Football, Sports, WVU Sports

WVU’s Bishop making the most of his opportunity as an undrafted player in Steelers minicamp

MORGANTOWN — Undrafted players get no guarantees in the NFL — they have to work for everything they get in the league. 

For former WVU cornerback Beanie Bishop, that’s just fine.

Bishop signed as an undrafted free agent with Pittsburgh following the 2024 NFL Draft in April and is going through minicamp with the Steelers this week.

“I’m still learning and just trying to take advantage of my opportunity,” said Bishop, a consensus All-American with the Mountaineers last season. “If a couple guys are out, I’ve been in the rotation and coaches have kind of been testing me to see how well I’m retaining the playbook and adjustments and things like that.”

Bishop, who led the country with 20 pass break-ups during his lone season in Morgantown, is transitioning into a slot cornerback in the pros. Although the team is still just in shorts, he’s impressed some coaches early on in camp.

“Beanie in the slot’s been good,” Steelers defensive coordinator Teryl Austin said. “He’s learning, just like most young guys, so there’s a curve there. There are going to be some things he’s good at and some things he’s not so good at. But his mentality is good, his work ethic is good and he’s a sharp kid, so he’s taken to that.”

Bishop told Pittsburgh media on Wednesday that he signed with the Steelers in part because slot cornerback is one of the team’s biggest needs, but also because of the organization’s strong history of developing undrafted players.

“Especially given the background of the organization and the history of the undrafted guys they have here,” Bishop said. “(Former Steeler) Mike Hilton is kind of the prototype for the slot here and I go and watch some of his tape and stuff like that to see how they want the nickel to play here.”

Hilton started his career as an undrafted free agent with the Steelers and eventually signed a four-year, $24 million contract with the Cincinnati Bengals. Bishop said he’s been instructed to watch Hilton’s tape to learn how the Steelers want their slot cornerbacks to play.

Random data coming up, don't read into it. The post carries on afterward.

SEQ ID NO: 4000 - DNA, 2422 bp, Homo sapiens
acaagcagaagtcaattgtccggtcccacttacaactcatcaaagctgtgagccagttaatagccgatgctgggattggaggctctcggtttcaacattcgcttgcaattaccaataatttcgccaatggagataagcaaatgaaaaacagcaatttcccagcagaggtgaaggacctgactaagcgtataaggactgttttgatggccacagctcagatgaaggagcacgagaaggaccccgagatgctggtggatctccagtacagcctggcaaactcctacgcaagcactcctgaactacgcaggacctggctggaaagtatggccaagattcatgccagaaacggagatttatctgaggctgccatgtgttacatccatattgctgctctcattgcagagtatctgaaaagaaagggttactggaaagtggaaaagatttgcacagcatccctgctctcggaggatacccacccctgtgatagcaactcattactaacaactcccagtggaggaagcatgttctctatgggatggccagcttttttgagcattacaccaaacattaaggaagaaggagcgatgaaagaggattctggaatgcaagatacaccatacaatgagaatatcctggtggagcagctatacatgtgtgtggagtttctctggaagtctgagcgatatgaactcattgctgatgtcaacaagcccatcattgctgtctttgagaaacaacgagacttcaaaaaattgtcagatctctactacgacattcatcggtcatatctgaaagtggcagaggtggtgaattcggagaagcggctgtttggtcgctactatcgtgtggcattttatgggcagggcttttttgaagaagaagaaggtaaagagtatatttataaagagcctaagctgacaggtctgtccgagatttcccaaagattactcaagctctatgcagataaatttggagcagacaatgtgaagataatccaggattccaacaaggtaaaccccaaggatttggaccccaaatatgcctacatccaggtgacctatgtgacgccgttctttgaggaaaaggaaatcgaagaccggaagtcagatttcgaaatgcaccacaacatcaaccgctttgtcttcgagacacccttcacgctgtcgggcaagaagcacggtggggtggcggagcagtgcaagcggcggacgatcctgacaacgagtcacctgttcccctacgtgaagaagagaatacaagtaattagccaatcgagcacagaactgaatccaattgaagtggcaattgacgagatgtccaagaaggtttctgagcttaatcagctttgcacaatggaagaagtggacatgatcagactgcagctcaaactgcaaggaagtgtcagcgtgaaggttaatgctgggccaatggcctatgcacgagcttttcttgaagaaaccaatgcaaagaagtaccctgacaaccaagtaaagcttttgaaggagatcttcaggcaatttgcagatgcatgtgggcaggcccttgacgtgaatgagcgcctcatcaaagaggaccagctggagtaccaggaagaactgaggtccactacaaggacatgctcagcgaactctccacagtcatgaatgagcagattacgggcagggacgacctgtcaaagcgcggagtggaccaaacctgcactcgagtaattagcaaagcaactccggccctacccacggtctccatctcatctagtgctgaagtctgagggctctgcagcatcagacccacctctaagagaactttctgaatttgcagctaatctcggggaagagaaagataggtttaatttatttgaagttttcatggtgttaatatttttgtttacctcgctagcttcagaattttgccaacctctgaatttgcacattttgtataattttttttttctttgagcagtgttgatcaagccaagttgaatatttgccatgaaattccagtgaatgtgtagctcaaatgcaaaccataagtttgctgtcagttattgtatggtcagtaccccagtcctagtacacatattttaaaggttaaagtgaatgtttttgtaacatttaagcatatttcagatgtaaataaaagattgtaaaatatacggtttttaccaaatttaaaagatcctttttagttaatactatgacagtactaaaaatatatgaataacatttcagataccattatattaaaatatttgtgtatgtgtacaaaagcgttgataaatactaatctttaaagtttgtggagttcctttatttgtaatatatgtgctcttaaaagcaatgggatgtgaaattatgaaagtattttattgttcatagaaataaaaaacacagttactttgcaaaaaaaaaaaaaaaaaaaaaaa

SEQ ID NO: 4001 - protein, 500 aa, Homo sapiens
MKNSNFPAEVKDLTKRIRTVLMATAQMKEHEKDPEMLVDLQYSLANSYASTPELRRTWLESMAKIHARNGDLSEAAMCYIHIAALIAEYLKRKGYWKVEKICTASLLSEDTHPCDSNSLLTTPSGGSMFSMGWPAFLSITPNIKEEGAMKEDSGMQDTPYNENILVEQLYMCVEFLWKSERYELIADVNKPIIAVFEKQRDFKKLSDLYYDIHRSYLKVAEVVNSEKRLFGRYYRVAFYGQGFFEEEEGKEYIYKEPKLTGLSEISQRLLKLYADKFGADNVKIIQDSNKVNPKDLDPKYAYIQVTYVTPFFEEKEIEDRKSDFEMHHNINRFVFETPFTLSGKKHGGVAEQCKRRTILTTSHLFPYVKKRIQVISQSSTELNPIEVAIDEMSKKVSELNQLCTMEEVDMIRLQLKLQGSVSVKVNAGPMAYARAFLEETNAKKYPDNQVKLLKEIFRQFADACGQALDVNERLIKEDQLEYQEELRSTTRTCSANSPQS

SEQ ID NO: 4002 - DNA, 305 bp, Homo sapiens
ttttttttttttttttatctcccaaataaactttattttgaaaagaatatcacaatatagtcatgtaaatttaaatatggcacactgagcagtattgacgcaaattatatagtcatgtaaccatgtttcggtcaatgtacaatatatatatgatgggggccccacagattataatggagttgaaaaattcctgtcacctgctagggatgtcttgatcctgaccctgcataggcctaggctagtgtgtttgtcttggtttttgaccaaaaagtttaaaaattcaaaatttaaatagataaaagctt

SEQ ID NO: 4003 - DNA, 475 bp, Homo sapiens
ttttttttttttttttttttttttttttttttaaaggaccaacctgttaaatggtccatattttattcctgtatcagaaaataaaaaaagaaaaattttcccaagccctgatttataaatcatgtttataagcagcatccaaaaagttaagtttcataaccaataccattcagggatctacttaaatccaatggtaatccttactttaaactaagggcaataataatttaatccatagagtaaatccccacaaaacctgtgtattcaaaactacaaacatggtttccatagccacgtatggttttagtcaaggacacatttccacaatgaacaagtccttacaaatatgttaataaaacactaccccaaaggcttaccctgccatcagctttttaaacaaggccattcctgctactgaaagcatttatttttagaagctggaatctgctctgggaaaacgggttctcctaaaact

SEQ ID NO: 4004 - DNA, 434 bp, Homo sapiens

“I think I’m doing pretty well,” Bishop said of his first week of practice. “Every day is still a learning opportunity. The game is to try not to make the same mistake twice, so that’s what I’m trying not to do. 

“I feel once I learn the playbook, I just go out there and play fast and play hard. You don’t really have to explain yourself to people, you just have to put it on tape.”

The real challenge as an undrafted player is hanging on with a team through the various rounds of cuts throughout the summer. After minicamp, the Steelers will start training camp proper on July 25. 

Predictably, the soft-spoken Bishop isn’t worrying about any of that yet. He’s just thankful for the opportunity he has right now.

“I’m a physical guy, I felt like this was the perfect opportunity for me,” he said. “I’m hard-nosed, don’t really say much. I just get to it, work hard and punch guys in the mouth.”

Pittsburgh Steelers rookie center Zach Frazier (54) runs a drill during the team’s NFL rookie mini-camp football practice in Pittsburgh, Friday, May 10, 2024. (AP Photo)

Frazier Signs Rookie Deal

Former WVU center Zach Frazier was the last of the Steelers’ 2024 draft class to sign his rookie contract, inking the four-year deal on Monday.

“I wasn’t really too worried about it,” Frazier said this week. “My agent texted me (Monday) morning and said it was done. It wasn’t a big deal for me. I’m happy that it’s done.”

People have penciled Frazier in as the Steelers’ starting center ever since Pittsburgh drafted him in the second round in April. He’s working with fellow rookie linemen Troy Fautanu (first round) and Mason McCormick (fourth) to earn starting roles this summer.

“We’re all just working together,” Frazier said. “We’re all going through it together, learning everything we can as quickly as possible and working as hard as we can to fix our mistakes.”

New offensive coordinator Arthur Smith is installing his offense this summer, putting everyone on that side of the ball in about the same place in terms of learning the new system.

“I just like how there’s an emphasis on running the ball — I like that as an offensive lineman,” Frazier said of Smith’s offense. “I don’t know what the expectation is, but I feel like we have a good group of guys and I feel like we’re picking it up pretty quick.”

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